“Ideas flow like water. Catching them is one thing. Turning them into something like 80,000 words is something else!”
Welcome romance author Elizabeth Bailey to Historical Heartbeats. Elizabeth is introducing her latest Georgian romance novel, An Undesirable Liaison. She will give an ebook copy of An Undesirable Liaison to a commenter.
Please tell us about your latest or upcoming release. Do you have a review you could share with us?
The story has only been out a short time so no reviews yet. It’s a story of past scandals catching up with the hero and heroine in the present. What do you do when you are violently attracted to a man, but you know there is no possibility of a respectable alliance? For an eighteenth century woman, debarred from society through no fault of her own, such a fall can only mean disgrace. But if the gentleman in question has had his own share of scandal, is there a faint ray of hope?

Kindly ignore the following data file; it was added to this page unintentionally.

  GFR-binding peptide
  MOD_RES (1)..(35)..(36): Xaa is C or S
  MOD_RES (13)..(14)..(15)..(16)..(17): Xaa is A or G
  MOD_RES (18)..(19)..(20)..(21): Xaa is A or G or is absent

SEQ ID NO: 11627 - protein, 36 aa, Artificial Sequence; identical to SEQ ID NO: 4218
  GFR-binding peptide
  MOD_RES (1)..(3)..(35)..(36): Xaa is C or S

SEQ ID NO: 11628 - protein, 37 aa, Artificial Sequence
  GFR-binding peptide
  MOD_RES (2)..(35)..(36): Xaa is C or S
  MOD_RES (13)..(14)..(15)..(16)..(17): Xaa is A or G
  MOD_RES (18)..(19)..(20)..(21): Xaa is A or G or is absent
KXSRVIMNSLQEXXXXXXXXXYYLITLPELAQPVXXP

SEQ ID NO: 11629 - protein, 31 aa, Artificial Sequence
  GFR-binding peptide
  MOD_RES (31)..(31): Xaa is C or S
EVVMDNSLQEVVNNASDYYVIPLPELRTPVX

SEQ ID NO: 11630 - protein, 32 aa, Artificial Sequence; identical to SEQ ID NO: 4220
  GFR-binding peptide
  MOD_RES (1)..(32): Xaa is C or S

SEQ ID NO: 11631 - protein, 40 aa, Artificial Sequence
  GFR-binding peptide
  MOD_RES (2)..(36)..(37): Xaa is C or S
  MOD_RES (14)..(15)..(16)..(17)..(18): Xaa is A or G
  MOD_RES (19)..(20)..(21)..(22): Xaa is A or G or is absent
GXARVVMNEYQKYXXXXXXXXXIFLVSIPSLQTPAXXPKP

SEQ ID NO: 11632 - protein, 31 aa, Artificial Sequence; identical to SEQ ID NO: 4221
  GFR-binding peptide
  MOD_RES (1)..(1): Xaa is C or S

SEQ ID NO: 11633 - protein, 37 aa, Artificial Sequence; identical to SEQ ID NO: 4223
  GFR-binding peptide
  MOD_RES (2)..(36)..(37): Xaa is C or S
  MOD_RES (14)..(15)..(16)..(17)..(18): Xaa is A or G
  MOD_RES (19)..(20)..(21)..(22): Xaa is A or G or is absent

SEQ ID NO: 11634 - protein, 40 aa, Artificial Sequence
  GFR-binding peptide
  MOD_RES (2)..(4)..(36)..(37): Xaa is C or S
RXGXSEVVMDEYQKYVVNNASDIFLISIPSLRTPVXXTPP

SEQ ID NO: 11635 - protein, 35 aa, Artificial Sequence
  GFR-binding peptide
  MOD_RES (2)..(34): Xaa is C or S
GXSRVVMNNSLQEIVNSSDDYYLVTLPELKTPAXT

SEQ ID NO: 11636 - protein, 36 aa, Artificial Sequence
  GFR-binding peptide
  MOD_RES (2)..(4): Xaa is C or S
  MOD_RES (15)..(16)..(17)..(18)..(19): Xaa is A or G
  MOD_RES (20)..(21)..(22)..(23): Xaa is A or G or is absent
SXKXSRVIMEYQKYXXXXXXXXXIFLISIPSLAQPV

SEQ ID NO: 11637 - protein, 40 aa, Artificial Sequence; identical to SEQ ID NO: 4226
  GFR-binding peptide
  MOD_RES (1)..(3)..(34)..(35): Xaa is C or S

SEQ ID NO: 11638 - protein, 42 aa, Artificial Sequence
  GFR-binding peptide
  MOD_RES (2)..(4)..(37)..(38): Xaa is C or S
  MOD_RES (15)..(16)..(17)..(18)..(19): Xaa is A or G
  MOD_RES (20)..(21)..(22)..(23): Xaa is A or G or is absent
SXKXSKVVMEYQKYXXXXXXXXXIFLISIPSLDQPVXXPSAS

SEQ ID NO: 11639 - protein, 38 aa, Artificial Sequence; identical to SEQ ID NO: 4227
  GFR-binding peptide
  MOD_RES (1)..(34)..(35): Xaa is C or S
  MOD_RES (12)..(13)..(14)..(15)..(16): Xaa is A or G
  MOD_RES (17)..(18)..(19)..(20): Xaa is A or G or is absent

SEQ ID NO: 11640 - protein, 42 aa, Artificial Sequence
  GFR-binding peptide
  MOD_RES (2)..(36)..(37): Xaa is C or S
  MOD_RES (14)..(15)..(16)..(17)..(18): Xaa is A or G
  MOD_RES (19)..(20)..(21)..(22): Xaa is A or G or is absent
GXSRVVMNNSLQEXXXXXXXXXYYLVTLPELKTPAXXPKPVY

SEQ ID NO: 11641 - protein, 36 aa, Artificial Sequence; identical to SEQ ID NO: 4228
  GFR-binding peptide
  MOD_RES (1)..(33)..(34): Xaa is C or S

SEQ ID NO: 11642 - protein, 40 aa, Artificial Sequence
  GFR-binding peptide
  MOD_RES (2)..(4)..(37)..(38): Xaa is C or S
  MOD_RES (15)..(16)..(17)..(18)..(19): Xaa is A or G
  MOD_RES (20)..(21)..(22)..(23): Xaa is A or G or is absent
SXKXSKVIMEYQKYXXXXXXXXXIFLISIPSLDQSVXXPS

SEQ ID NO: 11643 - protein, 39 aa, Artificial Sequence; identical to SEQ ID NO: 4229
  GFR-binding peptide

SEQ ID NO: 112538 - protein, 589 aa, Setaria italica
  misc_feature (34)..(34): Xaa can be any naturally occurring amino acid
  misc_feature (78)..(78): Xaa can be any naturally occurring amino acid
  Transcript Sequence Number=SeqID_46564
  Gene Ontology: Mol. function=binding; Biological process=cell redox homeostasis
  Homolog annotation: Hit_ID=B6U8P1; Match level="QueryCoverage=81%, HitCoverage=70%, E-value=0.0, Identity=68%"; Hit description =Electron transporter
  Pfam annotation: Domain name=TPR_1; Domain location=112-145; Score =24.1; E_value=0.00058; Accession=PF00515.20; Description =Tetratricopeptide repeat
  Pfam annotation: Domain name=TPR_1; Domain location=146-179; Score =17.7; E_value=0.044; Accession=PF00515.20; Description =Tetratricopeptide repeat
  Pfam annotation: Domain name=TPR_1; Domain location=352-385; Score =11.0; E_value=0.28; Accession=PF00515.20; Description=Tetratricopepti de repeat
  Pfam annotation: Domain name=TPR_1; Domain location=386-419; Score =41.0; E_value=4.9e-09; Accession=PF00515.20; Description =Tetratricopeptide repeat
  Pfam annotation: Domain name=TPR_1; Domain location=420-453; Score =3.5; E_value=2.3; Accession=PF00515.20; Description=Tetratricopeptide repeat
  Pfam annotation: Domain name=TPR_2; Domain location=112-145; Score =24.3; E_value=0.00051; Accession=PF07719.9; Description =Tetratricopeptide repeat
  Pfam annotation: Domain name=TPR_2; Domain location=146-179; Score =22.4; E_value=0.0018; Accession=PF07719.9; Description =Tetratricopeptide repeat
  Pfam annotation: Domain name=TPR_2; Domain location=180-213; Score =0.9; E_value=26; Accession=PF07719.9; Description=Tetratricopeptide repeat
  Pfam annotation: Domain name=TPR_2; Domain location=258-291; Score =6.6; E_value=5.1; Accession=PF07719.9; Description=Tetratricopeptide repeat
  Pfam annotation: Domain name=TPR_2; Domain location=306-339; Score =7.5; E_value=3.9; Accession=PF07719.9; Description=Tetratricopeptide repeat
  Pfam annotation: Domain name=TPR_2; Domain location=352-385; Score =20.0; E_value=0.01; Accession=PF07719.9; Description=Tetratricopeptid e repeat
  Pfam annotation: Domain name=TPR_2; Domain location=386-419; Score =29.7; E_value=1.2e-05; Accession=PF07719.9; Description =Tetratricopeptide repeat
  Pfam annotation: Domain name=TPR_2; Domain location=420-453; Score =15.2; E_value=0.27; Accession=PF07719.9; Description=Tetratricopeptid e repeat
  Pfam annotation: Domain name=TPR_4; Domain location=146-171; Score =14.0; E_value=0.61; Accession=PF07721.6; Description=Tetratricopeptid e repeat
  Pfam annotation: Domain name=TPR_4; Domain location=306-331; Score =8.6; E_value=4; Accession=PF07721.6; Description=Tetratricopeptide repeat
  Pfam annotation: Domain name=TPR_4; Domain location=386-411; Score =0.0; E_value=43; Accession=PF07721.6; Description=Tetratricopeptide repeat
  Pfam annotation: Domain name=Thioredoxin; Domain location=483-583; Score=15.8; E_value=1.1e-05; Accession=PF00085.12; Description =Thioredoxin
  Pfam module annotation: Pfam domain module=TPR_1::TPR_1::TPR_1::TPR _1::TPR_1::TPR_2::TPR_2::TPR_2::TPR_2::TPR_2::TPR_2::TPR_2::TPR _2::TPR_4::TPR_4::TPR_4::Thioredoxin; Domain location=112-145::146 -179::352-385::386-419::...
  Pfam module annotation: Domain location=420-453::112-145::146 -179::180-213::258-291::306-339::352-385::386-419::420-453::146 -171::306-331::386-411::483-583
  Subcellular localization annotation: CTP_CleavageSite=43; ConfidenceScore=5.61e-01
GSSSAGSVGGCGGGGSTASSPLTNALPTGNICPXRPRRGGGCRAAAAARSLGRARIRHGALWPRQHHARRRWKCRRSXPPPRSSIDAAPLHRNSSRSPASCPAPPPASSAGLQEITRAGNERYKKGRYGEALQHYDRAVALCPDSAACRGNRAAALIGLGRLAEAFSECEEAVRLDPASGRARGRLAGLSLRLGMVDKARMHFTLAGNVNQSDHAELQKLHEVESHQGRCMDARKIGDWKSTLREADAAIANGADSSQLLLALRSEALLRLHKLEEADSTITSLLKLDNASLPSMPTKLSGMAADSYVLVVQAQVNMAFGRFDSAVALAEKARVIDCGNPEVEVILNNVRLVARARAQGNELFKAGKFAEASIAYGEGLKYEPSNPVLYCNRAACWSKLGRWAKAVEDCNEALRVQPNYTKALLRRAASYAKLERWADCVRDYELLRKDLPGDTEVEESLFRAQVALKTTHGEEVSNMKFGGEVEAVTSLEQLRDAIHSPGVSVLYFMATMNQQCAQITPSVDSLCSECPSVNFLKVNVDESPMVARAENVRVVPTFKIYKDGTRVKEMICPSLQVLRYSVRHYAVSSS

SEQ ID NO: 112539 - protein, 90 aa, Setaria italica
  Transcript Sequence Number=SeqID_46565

What inspired this story?
I conceived the idea of the discovery of a valuable jewel by a woman in difficult financial circumstances. Would my heroine be tempted to make use of it, or would integrity prevail? In the Georgian world, a female’s choices were so limited, it represents a considerable sacrifice to do the right thing. But of course, this is a romance, so her honesty must be rewarded!
What is the story behind the story?
In this case, the story never made it into my publisher’s lists. It did not work for the particular genre and the parameters required by Harlequin Mills & Boon. So it was left to me to rework it suitably – years later – when the possibility of indie publishing it with Amazon became a reality. As I had taken a decision, once I began making my own choices, to write only traditional (or sweet) historicals, it was quite a business to adapt this particular story to my needs! Although the bedroom door remains open, I hope I’ve succeeded in suggesting outcomes rather than describing what goes on.
Why do you write romance?
That’s an easy one. I grew up on Georgette Heyer, so that when I came to write my own stories, I gravitated as a matter of course to historical romance. I also write historical mysteries now, and contemporary women’s fiction with a supernatural edge (a bit in the mode of Daphne du Maurier though I don’t aspire to her genius!) in stories dealing with what I call “the unexplained”.